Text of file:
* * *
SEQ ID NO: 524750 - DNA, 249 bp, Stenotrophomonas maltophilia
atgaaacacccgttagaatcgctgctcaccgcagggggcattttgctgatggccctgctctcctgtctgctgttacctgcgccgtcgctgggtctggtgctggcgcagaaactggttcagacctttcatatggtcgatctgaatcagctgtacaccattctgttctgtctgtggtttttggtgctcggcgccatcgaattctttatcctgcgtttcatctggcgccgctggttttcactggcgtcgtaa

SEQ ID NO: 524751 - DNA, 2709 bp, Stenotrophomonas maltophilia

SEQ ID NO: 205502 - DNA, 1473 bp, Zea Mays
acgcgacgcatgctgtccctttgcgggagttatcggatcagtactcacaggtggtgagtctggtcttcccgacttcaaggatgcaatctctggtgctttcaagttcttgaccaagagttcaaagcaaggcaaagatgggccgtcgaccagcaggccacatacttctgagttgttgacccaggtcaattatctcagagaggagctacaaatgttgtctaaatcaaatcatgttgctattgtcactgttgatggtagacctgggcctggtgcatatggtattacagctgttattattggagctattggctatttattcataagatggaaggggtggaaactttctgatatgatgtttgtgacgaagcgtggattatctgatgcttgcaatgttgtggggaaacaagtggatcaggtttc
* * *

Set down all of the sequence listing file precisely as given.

SEQ ID NO: 524750 - DNA, 249 bp, Stenotrophomonas maltophilia
atgaaacacccgttagaatcgctgctcaccgcagggggcattttgctgatggccctgctctcctgtctgctgttacctgcgccgtcgctgggtctggtgctggcgcagaaactggttcagacctttcatatggtcgatctgaatcagctgtacaccattctgttctgtctgtggtttttggtgctcggcgccatcgaattctttatcctgcgtttcatctggcgccgctggttttcactggcgtcgtaa

SEQ ID NO: 524751 - DNA, 2709 bp, Stenotrophomonas maltophilia

SEQ ID NO: 205502 - DNA, 1473 bp, Zea Mays
acgcgacgcatgctgtccctttgcgggagttatcggatcagtactcacaggtggtgagtctggtcttcccgacttcaaggatgcaatctctggtgctttcaagttcttgaccaagagttcaaagcaaggcaaagatgggccgtcgaccagcaggccacatacttctgagttgttgacccaggtcaattatctcagagaggagctacaaatgttgtctaaatcaaatcatgttgctattgtcactgttgatggtagacctgggcctggtgcatatggtattacagctgttattattggagctattggctatttattcataagatggaaggggtggaaactttctgatatgatgtttgtgacgaagcgtggattatctgatgcttgcaatgttgtggggaaacaagtggatcaggtttc